• Be realistic. It’s okay to look at a large space and dream about the days you can live in your perfect house with a sprawling lawn by the water. But how much space do you really need? What rooms are most utilized in your place? You’d be surprised what you can live without. The most difficult thing for me to let go was my dining room table. I complained that getting rid of it would mean I would never have guests over ever again. But it was true that I never had dinners at our old 1 bdrm apartment either, so it clearly wasn’t the dining room table that was stopping me from having guests. Now I have dinner parties in the common lounge in the building, and it works out just fine.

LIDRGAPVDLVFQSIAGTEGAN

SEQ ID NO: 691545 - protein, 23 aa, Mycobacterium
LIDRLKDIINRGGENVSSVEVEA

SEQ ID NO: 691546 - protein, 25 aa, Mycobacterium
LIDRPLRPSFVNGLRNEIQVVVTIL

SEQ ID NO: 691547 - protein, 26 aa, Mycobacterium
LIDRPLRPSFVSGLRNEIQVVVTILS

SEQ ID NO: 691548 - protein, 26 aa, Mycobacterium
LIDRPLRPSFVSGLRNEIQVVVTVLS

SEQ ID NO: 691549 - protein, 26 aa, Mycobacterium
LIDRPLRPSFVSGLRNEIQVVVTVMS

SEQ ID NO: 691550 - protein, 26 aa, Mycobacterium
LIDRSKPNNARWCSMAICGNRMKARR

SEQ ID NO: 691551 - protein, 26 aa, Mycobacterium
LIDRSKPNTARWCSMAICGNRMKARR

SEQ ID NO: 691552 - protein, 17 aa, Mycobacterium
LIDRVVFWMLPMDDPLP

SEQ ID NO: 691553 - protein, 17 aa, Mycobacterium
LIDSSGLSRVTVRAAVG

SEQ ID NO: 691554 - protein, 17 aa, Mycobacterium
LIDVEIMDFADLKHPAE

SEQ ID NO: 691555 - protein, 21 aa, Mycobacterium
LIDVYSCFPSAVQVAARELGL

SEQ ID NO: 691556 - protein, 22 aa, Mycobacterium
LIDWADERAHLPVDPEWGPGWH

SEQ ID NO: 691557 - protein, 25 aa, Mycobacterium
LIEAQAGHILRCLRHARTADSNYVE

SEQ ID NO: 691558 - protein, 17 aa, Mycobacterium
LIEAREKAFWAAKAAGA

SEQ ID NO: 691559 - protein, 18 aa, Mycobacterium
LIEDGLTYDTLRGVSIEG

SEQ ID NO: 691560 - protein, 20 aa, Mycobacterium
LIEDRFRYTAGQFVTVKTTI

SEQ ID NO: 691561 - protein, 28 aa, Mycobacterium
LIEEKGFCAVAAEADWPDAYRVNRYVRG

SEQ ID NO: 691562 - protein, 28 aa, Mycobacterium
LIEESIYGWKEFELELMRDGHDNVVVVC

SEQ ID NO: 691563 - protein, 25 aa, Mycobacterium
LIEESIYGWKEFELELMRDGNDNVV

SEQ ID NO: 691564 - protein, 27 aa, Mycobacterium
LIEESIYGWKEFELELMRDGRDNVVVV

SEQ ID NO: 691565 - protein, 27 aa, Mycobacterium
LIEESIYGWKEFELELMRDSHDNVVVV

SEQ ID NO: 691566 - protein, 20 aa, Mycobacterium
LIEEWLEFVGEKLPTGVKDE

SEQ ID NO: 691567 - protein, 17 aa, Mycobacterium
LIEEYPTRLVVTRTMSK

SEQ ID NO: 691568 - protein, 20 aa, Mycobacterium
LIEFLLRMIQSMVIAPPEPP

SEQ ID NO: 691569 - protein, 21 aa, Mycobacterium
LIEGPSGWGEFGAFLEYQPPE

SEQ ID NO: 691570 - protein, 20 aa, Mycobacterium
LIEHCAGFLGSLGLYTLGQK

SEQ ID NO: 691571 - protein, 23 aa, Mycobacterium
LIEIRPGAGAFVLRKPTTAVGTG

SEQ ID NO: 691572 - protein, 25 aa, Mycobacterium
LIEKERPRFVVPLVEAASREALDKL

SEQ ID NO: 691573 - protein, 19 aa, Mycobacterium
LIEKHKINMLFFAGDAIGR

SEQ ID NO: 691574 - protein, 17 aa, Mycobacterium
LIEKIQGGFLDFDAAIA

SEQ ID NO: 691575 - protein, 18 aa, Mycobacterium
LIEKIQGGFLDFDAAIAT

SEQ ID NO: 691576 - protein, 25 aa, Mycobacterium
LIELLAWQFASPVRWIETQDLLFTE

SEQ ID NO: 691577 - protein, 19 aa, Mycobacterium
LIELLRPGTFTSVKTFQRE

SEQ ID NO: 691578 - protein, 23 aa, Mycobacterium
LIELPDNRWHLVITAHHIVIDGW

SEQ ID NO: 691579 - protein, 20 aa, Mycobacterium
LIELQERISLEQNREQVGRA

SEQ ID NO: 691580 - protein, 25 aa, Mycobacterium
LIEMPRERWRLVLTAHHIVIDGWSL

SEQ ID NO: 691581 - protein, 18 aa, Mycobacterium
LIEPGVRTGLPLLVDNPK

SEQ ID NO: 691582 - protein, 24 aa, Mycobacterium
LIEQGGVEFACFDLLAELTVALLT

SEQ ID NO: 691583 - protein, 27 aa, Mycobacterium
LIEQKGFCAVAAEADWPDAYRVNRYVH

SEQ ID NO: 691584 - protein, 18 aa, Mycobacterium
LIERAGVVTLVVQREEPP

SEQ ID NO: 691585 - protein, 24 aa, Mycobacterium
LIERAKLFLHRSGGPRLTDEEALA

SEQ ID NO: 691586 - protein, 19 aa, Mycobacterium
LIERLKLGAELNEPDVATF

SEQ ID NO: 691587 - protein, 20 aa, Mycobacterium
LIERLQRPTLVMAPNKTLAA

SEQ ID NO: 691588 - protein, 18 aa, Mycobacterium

• Be focused. Making the commitment to a small apartment takes a lot of effort. The place needs to constantly be clean otherwise it looks like a war zone. Counters need to be cleared because you only have so much room. Clothes need to be put away as soon as the laundry is done. It’s also a great opportunity to throw away things you don’t need. A small space means you have less opportunities to keep junk around. Previously I hid a lot of junk in shoe boxes under the dining table (again, another indication I bought a dining table for no reason). When we moved to the new place, I threw out / donated / sold a lot of randomness that I realized I’d never use. And while it made me sad at the time, I honestly haven’t ever had a need for 3 aprons, 2 santa hats, a gazillion girly thank you cards, and all that other stuff.